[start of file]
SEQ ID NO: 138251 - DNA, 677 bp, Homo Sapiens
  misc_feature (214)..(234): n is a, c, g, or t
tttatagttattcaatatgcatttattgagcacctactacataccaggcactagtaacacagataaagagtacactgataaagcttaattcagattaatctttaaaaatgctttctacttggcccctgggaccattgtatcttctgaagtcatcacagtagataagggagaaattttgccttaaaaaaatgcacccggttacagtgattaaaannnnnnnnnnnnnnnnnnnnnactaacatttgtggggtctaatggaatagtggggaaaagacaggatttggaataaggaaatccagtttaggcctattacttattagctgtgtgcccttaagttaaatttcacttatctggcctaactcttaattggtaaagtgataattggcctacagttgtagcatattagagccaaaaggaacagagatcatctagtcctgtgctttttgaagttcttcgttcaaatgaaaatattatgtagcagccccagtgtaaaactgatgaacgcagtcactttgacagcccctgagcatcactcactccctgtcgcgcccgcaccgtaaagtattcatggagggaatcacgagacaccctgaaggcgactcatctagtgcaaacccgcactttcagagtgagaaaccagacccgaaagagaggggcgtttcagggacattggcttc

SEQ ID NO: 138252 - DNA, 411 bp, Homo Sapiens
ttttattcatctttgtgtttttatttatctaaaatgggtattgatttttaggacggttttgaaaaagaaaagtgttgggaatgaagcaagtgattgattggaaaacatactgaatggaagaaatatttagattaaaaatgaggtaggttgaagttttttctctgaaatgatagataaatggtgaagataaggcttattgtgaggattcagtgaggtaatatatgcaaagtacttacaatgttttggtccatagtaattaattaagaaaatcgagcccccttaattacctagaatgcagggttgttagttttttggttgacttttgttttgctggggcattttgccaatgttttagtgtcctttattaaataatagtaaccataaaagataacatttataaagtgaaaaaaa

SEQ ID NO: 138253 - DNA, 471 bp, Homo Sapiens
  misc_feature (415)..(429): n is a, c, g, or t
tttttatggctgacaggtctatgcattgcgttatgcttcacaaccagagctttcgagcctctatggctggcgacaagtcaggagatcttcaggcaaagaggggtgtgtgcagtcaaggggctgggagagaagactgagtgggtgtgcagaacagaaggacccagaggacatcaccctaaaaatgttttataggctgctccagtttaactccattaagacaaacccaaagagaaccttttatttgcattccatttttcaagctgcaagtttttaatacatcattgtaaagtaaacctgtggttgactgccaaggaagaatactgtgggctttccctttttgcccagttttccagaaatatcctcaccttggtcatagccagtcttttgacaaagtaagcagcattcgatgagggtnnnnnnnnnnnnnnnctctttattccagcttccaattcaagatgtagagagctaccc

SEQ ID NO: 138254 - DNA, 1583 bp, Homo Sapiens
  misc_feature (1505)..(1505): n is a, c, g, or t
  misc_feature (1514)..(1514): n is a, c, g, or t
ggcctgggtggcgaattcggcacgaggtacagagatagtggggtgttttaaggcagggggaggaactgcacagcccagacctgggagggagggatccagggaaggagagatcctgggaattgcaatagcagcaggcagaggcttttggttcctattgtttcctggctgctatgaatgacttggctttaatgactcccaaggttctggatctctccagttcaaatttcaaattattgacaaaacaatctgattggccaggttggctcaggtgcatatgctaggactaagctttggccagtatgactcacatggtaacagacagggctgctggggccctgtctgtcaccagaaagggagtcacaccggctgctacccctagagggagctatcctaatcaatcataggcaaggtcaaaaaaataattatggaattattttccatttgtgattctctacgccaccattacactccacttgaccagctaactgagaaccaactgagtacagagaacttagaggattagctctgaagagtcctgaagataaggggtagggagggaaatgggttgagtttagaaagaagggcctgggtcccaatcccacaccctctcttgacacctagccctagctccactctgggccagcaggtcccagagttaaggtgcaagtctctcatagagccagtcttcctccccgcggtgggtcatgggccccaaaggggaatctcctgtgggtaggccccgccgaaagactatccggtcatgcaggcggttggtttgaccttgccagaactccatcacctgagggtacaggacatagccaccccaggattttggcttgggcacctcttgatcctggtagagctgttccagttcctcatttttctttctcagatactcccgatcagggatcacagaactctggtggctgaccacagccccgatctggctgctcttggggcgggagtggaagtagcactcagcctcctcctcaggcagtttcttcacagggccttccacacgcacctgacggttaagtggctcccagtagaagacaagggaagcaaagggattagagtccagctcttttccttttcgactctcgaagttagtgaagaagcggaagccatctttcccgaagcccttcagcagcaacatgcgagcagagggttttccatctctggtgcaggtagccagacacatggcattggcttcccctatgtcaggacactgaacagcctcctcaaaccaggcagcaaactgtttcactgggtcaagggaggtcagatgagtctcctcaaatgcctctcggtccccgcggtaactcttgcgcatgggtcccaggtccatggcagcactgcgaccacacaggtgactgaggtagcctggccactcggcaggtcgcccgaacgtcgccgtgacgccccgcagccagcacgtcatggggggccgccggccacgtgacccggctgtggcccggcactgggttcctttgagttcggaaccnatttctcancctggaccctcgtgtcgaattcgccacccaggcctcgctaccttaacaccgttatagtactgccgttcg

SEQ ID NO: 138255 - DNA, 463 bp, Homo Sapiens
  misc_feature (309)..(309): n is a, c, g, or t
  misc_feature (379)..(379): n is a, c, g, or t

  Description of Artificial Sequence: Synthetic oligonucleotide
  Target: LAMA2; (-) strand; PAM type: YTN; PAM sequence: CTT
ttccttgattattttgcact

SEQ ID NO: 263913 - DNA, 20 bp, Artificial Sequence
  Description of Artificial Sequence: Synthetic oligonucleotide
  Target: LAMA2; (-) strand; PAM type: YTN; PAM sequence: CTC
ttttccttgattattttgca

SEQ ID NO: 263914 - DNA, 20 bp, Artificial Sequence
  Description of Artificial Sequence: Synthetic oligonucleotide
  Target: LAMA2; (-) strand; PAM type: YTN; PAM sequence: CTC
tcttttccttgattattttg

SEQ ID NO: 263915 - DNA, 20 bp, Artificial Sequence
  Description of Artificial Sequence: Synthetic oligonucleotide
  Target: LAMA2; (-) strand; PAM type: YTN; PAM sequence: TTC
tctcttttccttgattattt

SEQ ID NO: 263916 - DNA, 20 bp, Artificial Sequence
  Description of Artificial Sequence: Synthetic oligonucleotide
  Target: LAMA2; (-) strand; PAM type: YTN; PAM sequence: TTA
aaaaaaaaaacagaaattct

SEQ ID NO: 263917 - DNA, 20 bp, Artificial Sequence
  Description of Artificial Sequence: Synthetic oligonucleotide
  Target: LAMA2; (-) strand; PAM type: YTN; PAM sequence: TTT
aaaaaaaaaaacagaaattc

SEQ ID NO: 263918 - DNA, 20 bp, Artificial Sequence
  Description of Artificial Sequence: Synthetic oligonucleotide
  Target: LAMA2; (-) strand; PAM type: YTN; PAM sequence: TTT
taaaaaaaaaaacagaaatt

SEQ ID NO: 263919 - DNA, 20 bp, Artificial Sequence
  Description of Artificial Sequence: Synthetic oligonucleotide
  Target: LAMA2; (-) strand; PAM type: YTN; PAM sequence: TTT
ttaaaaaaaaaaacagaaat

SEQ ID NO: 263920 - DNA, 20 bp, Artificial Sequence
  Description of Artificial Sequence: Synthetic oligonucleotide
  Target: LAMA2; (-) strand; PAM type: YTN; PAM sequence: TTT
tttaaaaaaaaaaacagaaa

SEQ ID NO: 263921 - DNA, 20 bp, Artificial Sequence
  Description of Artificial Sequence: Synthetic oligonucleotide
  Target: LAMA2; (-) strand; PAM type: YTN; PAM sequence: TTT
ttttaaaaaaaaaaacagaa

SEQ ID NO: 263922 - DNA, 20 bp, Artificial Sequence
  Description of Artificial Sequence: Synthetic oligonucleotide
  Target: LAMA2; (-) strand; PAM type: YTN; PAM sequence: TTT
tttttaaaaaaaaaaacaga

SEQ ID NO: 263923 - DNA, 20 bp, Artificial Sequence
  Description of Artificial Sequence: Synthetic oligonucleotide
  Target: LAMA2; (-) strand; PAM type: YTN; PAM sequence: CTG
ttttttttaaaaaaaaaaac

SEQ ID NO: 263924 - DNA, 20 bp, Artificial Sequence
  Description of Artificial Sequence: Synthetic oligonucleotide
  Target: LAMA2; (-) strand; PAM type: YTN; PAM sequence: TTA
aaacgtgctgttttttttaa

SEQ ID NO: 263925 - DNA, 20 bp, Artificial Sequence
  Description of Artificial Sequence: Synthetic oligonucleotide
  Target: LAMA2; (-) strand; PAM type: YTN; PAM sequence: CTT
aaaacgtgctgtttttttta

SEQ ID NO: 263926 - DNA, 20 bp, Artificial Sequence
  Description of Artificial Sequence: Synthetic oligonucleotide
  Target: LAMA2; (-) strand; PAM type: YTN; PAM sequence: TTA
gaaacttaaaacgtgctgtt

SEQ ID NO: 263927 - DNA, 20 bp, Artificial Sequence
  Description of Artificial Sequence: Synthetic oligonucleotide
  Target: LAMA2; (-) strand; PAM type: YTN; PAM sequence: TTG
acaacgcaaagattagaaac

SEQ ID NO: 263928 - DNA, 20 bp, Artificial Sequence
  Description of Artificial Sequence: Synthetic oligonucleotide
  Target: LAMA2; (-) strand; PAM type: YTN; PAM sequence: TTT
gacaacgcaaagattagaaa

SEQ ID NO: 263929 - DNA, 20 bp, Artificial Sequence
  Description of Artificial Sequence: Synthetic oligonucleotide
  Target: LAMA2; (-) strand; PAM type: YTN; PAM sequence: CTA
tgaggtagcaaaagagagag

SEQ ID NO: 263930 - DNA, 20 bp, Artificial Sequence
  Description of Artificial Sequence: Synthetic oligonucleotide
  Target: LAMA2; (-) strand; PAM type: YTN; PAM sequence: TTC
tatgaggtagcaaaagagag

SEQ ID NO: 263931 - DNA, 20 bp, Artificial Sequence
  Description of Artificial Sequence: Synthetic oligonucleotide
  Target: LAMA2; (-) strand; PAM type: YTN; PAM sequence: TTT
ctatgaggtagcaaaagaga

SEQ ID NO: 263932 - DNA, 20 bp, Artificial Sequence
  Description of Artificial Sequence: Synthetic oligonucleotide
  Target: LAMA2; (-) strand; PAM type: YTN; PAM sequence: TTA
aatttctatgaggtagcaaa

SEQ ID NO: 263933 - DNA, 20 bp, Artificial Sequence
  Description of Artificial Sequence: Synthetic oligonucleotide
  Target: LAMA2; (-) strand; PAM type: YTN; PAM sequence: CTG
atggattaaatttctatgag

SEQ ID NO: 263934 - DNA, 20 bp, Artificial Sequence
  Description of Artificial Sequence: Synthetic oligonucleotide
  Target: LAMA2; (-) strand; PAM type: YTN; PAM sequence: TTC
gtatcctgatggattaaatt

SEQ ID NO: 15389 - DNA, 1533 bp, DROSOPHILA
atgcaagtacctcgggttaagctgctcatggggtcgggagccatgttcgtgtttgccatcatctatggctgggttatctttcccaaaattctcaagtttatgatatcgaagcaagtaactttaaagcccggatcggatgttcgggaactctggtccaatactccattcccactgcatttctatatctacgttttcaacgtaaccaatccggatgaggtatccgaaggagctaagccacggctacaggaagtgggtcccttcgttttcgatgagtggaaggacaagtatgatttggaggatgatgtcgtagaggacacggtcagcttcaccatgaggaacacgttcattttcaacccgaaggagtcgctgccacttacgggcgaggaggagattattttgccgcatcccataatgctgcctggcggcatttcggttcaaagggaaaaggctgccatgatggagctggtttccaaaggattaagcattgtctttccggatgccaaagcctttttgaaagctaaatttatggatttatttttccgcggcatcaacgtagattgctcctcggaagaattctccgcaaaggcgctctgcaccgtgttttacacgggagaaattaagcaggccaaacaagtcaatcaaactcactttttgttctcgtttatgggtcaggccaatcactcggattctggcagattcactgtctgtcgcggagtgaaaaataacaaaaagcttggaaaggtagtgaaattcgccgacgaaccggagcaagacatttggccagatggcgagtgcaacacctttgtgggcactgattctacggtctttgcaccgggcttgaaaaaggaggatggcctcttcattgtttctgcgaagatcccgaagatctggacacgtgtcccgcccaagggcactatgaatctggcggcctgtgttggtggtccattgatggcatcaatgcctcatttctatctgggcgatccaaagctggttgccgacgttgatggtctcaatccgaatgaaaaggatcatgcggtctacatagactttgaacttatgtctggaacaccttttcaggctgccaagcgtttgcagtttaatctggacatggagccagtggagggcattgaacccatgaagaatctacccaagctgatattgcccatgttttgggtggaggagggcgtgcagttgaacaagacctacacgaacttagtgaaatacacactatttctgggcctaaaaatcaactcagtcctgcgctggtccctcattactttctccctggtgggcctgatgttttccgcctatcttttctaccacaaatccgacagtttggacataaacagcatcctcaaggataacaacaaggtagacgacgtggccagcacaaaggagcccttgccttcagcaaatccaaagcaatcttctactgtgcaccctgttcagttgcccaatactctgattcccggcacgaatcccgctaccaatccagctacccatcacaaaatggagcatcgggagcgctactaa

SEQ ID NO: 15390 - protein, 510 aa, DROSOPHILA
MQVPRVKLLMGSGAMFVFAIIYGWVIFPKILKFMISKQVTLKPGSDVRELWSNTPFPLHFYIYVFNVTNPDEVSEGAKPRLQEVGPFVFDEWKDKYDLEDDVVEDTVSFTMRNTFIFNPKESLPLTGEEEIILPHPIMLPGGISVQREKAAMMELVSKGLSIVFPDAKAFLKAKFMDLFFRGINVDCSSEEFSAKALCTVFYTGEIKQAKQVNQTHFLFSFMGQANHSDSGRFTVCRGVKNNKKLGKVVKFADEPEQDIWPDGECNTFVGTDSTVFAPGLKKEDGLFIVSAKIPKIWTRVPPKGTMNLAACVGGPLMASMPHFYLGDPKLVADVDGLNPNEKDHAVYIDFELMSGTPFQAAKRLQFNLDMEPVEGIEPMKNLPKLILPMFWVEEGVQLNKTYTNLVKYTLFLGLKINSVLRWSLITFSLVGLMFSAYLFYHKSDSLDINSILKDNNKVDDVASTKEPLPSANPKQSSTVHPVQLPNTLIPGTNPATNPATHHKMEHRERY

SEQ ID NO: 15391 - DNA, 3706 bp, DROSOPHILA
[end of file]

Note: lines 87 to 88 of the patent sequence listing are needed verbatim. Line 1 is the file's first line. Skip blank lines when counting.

SEQ ID NO: 263930 - DNA, 20 bp, Artificial Sequence
  Description of Artificial Sequence: Synthetic oligonucleotide